Learning from the U.S. Department of Education’s Grad Data

This month, the U.S. Department of Education (USDE) released new state- and school-level data on graduation rates for the 2010-2011 school year.  Before this year, states used a variety of methods to calculate high school graduation rates, so standardizing the formula for all states makes comparing states and individual schools easier and far more accurate. Using the new data system, now anyone can compare graduation rates–from Kemmerer High School in Lincoln County, Wyoming to Sheehan High School in Wallingford, Connecticut.

Making this type of information publicly available is a step towards fostering accountability for the public education system. Tracking accurate, comparable information will also serve to highlight best practices in improving graduation rates.

The availability of this graduation data is not new for Connecticut.  (The Connecticut State Department of Education released similar comprehensive district and school graduation rate reports last November.)  However, the USDE’s release is significant for the nation because it is the first initiative to comprehensively compare standardized graduation rates for schools across the nation. “Having good information is critical to making good decisions, and these high school graduation rates are a vital tool to help parents and school leaders make useful comparisons of student growth and success,” said U.S. Secretary of Education Arne Duncan. “These data will also help state, district, and school leaders better gauge progress and support their work to help more students graduate on time, ready for college and careers.” So just how does Connecticut compare to other states?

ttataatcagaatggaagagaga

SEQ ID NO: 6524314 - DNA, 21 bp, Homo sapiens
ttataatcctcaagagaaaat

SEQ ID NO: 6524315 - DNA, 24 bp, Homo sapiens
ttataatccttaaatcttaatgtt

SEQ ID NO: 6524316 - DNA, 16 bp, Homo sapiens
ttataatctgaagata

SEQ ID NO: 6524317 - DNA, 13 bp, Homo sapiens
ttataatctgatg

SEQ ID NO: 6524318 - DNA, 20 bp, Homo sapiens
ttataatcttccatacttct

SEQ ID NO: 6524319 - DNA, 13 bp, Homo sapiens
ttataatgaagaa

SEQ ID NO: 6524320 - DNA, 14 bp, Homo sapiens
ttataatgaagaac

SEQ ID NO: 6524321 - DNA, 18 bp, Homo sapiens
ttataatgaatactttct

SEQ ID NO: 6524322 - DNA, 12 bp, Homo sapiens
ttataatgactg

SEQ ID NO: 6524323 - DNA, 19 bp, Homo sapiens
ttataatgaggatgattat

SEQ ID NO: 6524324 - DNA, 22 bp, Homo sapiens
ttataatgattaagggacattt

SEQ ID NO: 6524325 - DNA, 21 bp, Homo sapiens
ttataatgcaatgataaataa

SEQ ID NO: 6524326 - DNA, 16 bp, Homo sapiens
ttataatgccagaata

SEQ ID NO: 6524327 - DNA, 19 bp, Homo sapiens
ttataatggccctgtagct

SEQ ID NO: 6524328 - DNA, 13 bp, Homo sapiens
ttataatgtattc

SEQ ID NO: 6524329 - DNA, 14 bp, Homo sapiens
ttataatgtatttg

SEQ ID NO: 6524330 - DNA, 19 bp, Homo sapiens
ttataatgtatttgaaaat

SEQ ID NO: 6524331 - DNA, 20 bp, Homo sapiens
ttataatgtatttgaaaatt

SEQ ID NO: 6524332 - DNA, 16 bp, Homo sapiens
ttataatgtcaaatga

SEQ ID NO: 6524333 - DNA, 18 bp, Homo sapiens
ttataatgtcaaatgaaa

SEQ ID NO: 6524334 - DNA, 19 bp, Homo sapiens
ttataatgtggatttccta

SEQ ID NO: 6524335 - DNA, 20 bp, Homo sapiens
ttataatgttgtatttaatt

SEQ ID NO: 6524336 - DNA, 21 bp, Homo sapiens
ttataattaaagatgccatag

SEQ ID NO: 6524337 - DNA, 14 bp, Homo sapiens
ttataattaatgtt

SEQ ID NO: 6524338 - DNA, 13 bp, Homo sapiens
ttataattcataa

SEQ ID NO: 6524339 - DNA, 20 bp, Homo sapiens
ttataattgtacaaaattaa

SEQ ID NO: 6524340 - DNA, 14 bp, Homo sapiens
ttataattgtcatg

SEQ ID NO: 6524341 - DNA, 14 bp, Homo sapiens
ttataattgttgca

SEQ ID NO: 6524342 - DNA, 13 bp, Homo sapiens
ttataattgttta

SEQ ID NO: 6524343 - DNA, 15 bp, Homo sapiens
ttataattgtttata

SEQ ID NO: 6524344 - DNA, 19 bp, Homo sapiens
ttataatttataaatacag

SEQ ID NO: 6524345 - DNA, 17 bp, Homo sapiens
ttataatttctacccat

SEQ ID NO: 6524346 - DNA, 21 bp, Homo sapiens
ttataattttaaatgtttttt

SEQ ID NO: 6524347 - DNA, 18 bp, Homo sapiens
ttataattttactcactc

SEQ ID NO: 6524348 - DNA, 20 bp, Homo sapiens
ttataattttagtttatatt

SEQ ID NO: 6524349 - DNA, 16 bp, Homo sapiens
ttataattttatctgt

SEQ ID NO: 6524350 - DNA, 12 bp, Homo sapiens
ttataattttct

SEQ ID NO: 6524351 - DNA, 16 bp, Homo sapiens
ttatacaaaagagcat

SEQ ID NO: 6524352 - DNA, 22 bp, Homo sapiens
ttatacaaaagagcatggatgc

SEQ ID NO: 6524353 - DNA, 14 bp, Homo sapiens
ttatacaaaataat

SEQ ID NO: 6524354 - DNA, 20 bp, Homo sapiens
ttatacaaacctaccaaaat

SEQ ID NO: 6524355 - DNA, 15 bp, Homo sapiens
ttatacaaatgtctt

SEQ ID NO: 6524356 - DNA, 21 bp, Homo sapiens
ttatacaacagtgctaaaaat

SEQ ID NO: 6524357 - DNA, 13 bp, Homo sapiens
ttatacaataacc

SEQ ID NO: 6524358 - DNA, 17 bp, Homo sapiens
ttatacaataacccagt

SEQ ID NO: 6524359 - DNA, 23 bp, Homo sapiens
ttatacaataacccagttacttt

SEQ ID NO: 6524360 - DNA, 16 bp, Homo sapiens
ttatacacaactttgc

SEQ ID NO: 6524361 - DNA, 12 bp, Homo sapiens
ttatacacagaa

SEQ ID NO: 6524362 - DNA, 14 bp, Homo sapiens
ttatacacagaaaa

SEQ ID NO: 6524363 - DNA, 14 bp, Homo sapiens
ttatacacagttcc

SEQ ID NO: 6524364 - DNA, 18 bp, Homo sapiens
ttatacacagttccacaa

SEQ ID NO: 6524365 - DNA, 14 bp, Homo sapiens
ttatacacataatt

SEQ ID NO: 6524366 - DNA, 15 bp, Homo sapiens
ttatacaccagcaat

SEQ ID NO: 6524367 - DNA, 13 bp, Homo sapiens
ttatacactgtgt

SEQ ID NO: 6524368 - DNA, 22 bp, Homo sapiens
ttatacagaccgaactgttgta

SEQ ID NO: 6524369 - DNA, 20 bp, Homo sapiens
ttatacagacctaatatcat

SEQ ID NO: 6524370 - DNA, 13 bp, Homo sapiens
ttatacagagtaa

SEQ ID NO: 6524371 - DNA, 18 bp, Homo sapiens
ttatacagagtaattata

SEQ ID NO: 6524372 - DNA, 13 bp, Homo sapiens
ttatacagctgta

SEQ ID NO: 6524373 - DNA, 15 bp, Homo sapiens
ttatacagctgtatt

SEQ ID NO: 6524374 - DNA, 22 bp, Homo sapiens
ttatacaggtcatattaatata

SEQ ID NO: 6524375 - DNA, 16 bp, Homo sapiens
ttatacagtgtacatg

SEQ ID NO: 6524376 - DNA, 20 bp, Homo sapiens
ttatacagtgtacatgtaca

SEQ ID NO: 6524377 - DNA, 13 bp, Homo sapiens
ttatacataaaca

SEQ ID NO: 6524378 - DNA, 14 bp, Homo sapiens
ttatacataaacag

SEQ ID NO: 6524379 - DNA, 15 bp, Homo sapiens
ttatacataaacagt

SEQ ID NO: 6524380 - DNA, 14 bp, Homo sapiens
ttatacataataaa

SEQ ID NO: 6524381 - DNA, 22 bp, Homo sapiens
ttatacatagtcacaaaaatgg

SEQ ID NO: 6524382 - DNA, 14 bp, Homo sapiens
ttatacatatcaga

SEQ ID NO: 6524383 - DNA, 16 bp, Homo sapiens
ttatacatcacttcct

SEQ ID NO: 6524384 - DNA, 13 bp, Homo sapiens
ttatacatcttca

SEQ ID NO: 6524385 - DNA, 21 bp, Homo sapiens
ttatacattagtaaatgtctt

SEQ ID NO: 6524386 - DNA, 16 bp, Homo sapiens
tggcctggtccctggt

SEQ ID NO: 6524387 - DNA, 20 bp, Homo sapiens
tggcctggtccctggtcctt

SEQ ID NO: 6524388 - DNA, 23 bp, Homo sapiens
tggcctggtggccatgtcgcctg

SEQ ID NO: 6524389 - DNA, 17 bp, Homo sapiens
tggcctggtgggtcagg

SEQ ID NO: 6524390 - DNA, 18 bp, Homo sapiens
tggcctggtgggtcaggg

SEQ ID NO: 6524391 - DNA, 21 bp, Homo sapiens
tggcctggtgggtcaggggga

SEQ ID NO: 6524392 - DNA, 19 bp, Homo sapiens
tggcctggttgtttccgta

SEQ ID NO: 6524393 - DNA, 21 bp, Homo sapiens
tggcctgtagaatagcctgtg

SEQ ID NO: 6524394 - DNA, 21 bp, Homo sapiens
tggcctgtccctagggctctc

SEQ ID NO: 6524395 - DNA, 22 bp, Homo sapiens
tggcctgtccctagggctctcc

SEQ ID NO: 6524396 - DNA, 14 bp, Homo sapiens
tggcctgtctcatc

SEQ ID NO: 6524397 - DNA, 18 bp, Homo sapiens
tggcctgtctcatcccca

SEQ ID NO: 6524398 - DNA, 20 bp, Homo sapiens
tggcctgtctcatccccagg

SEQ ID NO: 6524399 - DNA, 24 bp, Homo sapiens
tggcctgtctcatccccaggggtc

Overall, Connecticut ranks 12th—graduating 83% of its student population.  Not bad, but the findings aren’t so positive when we look at some demographic groups.  While Connecticut ranks 20th for success in graduating its Black students, it ranks 40th for low-income students and 34th for Hispanic students.  The results are yet another example of Connecticut’s unacceptably wide achievement gap.   (To find more information about how Connecticut compares to the rest of the nation, click here.)

There is still work to be done, however, because requirements for graduation still differ from state to state. This means that in some states students are required to take more math or science classes, or to obtain more credits in general, to graduate. Once the Common Core College- and Career-Ready standards are implemented in states across the country, we will be able to compare both rates of graduation and level of preparedness for college and careers beyond high school.  More importantly, students will know early on in high school, what they need to do to be well prepared to attend college or pursue the career of their dreams.